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SpaceX Falcon 9 Blasts Off From California 97

Posted by samzenpus
from the to-the-stars dept.
An anonymous reader writes "SpaceX's Falcon 9 rocket completed a successful first launch today, taking off from California and putting a Canadian science satellite in orbit. 'The beefed-up Falcon 9 that blasted off on its maiden flight from Southern California's Vandenberg Air Force Base, carrying a small Canadian government communication and research satellite, went through a seemingly picture-perfect countdown and performed on ascent as engineers hoped. The changes to the rocket are aimed at improving capacity and reliability, while simultaneously speeding up manufacturing. Historically, the initial launch of a new rocket has as much as a one-in-two chance of failure. Early this month, Elon Musk, the company's founder, chief executive and chief designer, seemingly tried to play down expectations by sending out a Twitter message emphasizing that the revamped rocket 'has a lot of new technology, so the probability of failure is significant.''"
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SpaceX Falcon 9 Blasts Off From California

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  • by mosb1000 (710161) <mosb1000@mac.com> on Sunday September 29, 2013 @04:23PM (#44987321)

    I take it you are not an inventor.

  • by Art Challenor (2621733) on Sunday September 29, 2013 @05:18PM (#44987567)

    At the risk of enraging automatic supporters of bloated government programs like the old Space Shuttle, it doesn't surprise me that lean, privately funded space-exploitation outfits do so well.

    I'm impressed by Elon Musk and his organizational and marketing abilities. That said, to give all credit to the success of the program to privatization is a little silly. The company is significantly funded by goverment funds albeit through progress payments on contracts.

    Privatization didn't work that well with the Apollo lander. That was contracted to Grumman (simlar to the SpaceX contracts). Original LEM contract $350 million, final cost $2.2B

    More reasonably, what you're seeing is a maturing of the technology. Submarines, once the unique province of governments, are now widely available from private vendors. Computers likewise.

    Someone has to put in the "bloat" of basic research and it's rare for a private organization to invest in technology that will only yield results in 15+ years, if ever.

  • by notanalien_justgreen (2596219) on Sunday September 29, 2013 @06:09PM (#44987791)

    Thank you for pointing this out. People astound me with how ignorant they are of NASA contracts. Private industry has been involved in every NASA project, including the bloated ones that break the budget (LEM, JWST, etc.).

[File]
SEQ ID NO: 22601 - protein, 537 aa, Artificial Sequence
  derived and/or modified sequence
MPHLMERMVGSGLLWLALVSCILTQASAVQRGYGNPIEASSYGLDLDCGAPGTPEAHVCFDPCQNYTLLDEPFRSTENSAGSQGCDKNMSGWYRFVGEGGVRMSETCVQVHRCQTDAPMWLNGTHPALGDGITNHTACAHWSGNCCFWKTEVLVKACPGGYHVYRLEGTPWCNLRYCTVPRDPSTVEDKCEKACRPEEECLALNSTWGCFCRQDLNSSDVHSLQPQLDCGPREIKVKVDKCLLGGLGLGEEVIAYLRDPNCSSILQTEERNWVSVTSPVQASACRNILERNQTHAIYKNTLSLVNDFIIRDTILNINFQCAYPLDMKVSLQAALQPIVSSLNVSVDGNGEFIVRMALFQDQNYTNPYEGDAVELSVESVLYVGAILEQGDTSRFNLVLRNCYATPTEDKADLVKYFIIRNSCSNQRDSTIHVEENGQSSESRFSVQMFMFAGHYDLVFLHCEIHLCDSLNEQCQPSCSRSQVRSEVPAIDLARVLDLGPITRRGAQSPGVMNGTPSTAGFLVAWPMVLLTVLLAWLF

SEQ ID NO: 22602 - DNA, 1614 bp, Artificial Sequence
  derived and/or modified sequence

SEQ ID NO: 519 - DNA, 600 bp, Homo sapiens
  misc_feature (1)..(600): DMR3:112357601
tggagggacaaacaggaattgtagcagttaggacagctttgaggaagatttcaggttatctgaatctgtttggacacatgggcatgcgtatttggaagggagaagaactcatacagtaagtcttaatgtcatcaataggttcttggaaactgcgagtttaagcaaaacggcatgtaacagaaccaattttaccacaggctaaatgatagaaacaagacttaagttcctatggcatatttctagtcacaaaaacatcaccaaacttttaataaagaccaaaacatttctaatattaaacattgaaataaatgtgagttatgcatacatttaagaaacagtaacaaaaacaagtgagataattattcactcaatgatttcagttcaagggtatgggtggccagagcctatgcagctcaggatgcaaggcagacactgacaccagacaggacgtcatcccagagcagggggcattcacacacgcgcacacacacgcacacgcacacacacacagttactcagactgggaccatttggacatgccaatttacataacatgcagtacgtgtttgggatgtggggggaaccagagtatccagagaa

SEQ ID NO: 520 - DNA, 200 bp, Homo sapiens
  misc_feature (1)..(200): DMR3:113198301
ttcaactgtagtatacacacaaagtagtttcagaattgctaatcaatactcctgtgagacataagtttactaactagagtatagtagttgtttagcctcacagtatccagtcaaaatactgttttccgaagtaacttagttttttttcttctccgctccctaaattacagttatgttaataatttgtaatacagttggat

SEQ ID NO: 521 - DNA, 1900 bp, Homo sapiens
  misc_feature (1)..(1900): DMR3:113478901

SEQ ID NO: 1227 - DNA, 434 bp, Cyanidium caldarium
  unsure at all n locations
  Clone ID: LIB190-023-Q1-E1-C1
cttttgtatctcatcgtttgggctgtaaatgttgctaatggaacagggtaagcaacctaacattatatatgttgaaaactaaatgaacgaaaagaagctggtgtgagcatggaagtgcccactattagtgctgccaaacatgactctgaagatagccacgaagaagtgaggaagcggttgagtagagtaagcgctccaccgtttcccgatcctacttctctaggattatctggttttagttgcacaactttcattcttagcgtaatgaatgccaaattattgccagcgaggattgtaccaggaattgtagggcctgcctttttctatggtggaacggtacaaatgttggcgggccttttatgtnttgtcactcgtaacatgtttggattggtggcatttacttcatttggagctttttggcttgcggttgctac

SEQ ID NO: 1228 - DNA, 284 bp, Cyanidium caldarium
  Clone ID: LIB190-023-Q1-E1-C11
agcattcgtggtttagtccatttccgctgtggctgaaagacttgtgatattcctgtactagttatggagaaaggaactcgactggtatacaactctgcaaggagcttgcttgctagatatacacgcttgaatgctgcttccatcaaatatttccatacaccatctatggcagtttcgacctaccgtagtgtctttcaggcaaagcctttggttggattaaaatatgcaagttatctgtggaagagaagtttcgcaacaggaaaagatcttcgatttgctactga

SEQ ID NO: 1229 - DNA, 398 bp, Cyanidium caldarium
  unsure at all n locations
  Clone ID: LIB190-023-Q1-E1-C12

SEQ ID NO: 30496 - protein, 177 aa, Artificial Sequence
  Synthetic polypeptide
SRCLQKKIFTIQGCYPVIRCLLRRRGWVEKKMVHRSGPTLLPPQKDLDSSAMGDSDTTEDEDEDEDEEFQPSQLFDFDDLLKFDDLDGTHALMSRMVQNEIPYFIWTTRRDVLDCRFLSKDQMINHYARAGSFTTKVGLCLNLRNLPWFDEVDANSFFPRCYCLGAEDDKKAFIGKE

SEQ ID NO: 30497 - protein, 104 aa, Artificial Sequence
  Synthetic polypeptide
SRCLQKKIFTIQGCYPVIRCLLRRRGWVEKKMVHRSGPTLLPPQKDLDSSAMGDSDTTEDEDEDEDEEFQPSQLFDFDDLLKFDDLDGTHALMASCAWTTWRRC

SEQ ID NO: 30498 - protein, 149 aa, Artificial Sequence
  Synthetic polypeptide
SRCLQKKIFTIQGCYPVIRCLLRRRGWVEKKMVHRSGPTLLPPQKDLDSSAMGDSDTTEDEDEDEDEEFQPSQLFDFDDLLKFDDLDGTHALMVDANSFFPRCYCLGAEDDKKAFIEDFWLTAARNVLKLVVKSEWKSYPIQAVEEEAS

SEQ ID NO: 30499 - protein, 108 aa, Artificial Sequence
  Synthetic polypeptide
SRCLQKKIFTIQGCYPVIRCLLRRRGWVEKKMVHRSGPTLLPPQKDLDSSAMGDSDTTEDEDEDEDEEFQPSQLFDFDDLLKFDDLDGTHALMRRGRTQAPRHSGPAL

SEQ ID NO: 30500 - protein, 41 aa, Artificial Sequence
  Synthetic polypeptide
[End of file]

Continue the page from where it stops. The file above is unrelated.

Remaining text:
Slashdotters love to drool over SpaceX successes, but just ignore all of Lockheed Martin's bloated contracts. The big step isn't private versus public, it's smart versus dumb.

  • Rocketry is something that is sitting on such a fine line between success and failure that just a tiny mistake that would be ignored in most other human endeavors is likely to destroy the vehicle when trying to put something into orbit. For example, the first Falcon 1 rocket simply disintegrated because a simple three cent nut was made out of the wrong kind of metal and fell off at a most inappropriate moment. The salty air + moisture from sitting just a few hundred feet from the Pacific Ocean at the time didn't help either.

    Another problem is that to improve technology, you need to experiment and try new things. Far more often experiments tend to be failures rather than success as you try these new ideas... hence if you are using new technology, especially for the first time like SpaceX was doing today, the likelihood of failure would actually increase and not decrease. Only when it has been used many times and has been "proven" can you even remotely say that the likelihood of failure would drop.

    And no, in spite of nearly a century of rocketry and nearly a trillion dollars spent by everybody involved, we still are just beginning to understand the technology and what it can do. There still are some amazing ideas that have yet to be tried.

  • by ron_ivi (607351) <sdotno&cheapcomplexdevices,com> on Monday September 30, 2013 @03:53AM (#44990055)
    For a rocket, economies of scale kick in after you have *a* successfull one.

    Suddenly your costs go from "damn, we need to figure out something new, build it, and test it" to "cool, let's do it again".

    And the latter is far cheaper.

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